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How Puzzles in Zelda: Breath of the Wild Reward Breaking the System

Most games have a very specific way that you have to use to solve puzzles or interact with the environment. In fact, we're almost conditioned to look at any problem in a video game in a certain way, to look for the telltale signs that games give when you're supposed to interact with something. I've even found myself in the immersion breaking situation where I just look for whether objects seem static or movable when it comes to solving puzzles in games. However, while playing The Legend of Zelda: Breath of the Wild, it became apparent that Nintendo crafted a game that has broken the mold when it comes to problem and puzzle solving and interaction with the environment.

Shrine, Shrine, Everywhere a Shrine

The primary locations in Breath of the Wild that you'll interact with puzzle mechanics are the shrines that are scattered about Hyrule. Each shrine features a challenge that you must pass to collect the Spirit Orb, a valuable currency for increasing stamina and health, and unlock the shrine as a fast travel point. Shrine challenges can consist of something as simple as a trial of combat against an enemy, or as complicated as using the gyroscopes of the Nintendo Switch or Wii U to guide a ball through a 3D puzzle. The magic of the shrine puzzles in Breath of the Wild though is that the game doesn't care if you break them.

Ne'ez Yohma shrine, just inside Zora's Domain, is an excellent example of this. You're confronted with a pachinko-like assembly with giant stone balls rolling down it. Your goal in this shrine is to get a glowing red stone ball from its perch in the upper left side of the board down to a hole in the lower right side. This puzzle stumped me, I tried creating blocks of ice to angle the ball towards the goal, I tried bouncing it off the other stone balls by using Stasis to freeze time, but nothing quite worked. Then it occurred to me: Why not just forgo the puzzle altogether?

There is a catwalk that surrounds the puzzle area that Link can walk on to navigate around. I figured that if I could get the ball onto the catwalk, I could just roll it down to the bottom and bypass the puzzle entirely. Was that the solution all along, or did I cheat the system? The Legend of Zelda: Breath of the Wild makes it to where the answer to that question doesn't matter. I didn't have to glitch my way through the puzzle, the openness of the game to let me use its physics system to my desire made it to where bypassing the puzzle was a valid way of solving it.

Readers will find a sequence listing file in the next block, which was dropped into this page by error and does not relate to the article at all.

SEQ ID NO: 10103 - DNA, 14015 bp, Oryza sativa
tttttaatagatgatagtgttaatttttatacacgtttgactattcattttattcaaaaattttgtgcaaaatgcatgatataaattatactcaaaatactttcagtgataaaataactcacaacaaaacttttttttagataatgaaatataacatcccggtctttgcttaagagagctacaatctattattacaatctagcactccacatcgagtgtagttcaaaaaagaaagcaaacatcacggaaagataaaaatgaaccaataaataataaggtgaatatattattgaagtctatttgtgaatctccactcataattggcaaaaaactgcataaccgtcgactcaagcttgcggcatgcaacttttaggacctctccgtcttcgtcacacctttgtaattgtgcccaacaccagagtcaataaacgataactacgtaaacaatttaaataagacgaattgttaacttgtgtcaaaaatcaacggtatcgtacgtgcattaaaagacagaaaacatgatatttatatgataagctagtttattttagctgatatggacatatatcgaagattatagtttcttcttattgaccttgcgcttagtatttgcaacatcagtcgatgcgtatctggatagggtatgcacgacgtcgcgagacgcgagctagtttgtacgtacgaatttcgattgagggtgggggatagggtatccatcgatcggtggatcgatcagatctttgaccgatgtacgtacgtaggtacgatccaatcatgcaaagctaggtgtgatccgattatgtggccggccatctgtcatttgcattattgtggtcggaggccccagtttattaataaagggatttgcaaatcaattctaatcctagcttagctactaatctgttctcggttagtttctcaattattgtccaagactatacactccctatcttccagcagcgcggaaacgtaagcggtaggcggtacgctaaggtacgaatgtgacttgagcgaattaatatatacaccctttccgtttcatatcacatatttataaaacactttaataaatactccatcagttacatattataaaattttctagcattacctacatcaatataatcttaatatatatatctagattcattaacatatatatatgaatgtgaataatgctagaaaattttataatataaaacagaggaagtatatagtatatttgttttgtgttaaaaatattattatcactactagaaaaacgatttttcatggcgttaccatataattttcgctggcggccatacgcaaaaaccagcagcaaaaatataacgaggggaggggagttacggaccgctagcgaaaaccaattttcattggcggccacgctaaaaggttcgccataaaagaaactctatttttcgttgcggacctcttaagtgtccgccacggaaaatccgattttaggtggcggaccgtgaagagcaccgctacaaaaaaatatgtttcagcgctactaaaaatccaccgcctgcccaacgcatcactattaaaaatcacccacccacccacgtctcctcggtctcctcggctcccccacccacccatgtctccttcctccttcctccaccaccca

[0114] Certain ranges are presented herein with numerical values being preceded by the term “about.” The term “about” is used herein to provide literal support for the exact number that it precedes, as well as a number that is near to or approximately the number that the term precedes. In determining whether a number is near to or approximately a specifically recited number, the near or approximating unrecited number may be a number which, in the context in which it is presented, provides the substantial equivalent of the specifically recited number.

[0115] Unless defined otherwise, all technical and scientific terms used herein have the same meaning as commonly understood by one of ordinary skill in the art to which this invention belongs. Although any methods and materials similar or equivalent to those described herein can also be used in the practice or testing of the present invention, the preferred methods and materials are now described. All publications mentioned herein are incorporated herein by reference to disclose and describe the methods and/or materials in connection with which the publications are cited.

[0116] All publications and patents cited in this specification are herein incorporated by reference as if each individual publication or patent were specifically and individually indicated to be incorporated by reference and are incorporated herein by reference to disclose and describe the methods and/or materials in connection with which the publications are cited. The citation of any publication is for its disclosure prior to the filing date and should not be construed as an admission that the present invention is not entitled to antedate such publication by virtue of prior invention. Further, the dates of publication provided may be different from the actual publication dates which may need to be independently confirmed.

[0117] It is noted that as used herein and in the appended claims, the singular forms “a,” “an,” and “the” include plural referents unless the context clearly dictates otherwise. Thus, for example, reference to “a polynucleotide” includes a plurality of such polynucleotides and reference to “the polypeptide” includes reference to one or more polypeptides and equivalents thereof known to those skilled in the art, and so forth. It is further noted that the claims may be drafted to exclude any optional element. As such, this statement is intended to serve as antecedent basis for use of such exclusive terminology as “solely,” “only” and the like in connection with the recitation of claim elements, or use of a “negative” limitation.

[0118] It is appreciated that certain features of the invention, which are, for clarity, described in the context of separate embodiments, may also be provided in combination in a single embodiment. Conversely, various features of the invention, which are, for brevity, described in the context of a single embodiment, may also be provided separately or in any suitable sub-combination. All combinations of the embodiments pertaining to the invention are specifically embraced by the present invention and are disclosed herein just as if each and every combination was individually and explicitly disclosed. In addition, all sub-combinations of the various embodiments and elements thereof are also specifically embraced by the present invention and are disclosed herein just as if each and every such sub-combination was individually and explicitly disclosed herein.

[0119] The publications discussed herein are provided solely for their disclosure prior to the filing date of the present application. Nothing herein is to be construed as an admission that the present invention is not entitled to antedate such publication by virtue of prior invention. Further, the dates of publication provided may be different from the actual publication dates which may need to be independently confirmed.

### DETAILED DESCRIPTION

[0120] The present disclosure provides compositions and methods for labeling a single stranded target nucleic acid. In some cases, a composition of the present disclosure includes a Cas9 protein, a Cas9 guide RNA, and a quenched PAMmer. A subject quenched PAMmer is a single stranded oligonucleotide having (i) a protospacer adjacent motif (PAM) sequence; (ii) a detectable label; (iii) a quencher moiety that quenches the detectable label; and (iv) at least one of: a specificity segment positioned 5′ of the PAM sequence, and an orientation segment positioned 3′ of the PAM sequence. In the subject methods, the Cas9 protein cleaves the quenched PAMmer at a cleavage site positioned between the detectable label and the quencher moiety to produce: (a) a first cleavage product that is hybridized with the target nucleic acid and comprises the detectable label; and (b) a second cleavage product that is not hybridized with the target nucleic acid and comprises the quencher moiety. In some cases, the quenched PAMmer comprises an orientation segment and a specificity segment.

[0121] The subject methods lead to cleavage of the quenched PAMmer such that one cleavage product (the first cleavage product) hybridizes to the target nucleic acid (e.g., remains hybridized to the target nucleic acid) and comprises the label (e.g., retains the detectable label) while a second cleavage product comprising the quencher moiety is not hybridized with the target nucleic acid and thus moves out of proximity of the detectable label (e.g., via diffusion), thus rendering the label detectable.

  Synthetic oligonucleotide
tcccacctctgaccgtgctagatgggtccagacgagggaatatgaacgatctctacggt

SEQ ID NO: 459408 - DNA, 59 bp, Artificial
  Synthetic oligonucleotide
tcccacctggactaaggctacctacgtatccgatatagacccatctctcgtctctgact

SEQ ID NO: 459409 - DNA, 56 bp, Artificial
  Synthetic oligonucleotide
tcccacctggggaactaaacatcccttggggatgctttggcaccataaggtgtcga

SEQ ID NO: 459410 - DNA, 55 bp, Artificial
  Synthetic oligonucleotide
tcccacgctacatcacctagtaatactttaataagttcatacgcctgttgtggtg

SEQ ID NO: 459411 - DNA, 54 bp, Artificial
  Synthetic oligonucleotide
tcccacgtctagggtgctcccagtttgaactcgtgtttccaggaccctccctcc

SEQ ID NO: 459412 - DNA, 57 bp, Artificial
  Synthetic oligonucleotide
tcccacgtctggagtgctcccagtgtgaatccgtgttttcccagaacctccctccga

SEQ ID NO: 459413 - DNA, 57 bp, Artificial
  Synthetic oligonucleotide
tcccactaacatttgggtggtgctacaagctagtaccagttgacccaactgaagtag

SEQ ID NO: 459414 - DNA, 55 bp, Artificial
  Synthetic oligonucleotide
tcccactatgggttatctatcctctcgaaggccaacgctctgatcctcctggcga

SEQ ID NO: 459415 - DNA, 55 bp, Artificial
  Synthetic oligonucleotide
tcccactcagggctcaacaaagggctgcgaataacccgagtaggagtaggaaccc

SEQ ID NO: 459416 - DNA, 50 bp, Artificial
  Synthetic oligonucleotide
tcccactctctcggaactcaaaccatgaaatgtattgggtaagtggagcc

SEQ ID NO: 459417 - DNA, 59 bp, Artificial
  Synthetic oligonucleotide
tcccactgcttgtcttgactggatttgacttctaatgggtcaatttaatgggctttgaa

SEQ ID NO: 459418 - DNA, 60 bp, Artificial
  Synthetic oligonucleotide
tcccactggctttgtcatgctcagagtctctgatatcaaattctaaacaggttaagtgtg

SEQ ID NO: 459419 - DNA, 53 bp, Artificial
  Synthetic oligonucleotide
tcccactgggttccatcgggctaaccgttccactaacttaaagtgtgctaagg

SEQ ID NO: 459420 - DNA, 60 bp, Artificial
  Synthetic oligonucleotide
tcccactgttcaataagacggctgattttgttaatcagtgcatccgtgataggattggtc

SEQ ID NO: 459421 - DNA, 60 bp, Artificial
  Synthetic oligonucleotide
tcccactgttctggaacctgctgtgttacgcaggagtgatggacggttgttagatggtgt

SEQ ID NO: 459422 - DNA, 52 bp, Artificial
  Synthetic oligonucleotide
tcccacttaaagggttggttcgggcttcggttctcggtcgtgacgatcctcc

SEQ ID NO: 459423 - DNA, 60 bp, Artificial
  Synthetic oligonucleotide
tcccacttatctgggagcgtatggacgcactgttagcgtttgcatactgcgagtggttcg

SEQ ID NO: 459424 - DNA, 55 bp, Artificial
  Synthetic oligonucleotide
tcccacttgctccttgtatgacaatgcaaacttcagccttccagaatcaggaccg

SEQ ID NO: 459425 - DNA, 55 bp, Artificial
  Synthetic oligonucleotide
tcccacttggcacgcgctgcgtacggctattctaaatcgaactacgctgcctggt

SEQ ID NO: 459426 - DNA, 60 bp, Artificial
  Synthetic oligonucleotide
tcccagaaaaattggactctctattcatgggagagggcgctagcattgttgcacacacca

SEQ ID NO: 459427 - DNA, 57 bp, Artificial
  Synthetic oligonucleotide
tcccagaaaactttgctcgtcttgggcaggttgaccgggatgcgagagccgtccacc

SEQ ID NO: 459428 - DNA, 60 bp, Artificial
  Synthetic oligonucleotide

Nuclear Physics

Other shrine challenges user Breath of the Wild's physics in a different way. Several challenges presented themselves using the gyroscope function of the Wii U or Nintendo Switch. Here you had to navigate a ball through a maze by tilting the controller. After several attempts to make it through the "right way," and having the ball fall off the platform before I could get it to its destination, I thought that maybe I could just bounce it over the small walls of the maze.

This is where Breath of the Wild truly excels as an emergent experience. I was able to bounce the ball right over the maze, without invisible walls or out-of-bounds resets trying to stop me. This interaction with the game world extends to the rest of the game as well. While some titles make features like using the environment against your enemies a forgettable gimmick, Zelda: Breath of the Wild makes this type of combat a viable alternative to using standard weapons. If you so choose, you can make extensive use of fire, logs, boulders, and even lightning strikes to give Link an advantage over his enemies.

This subtle interplay of game systems is so natural that it's possible to miss. You can unfortunately go the entire game with blinders on and not run into some of the cool possibilities that Breath of the World's open physics engine provides. The game is not tutorial heavy, and you might not discover that you can climb on a boat and use Magnesis to propel it forward by pushing on the mast with a metal object. You can also go without toying with the Octorok Balloons which allow you to send many in-game objects floating through the air. Do yourself a favor if you own the game and take the time to experiment and relish the vitality that the robust physics system brings to Hyrule.

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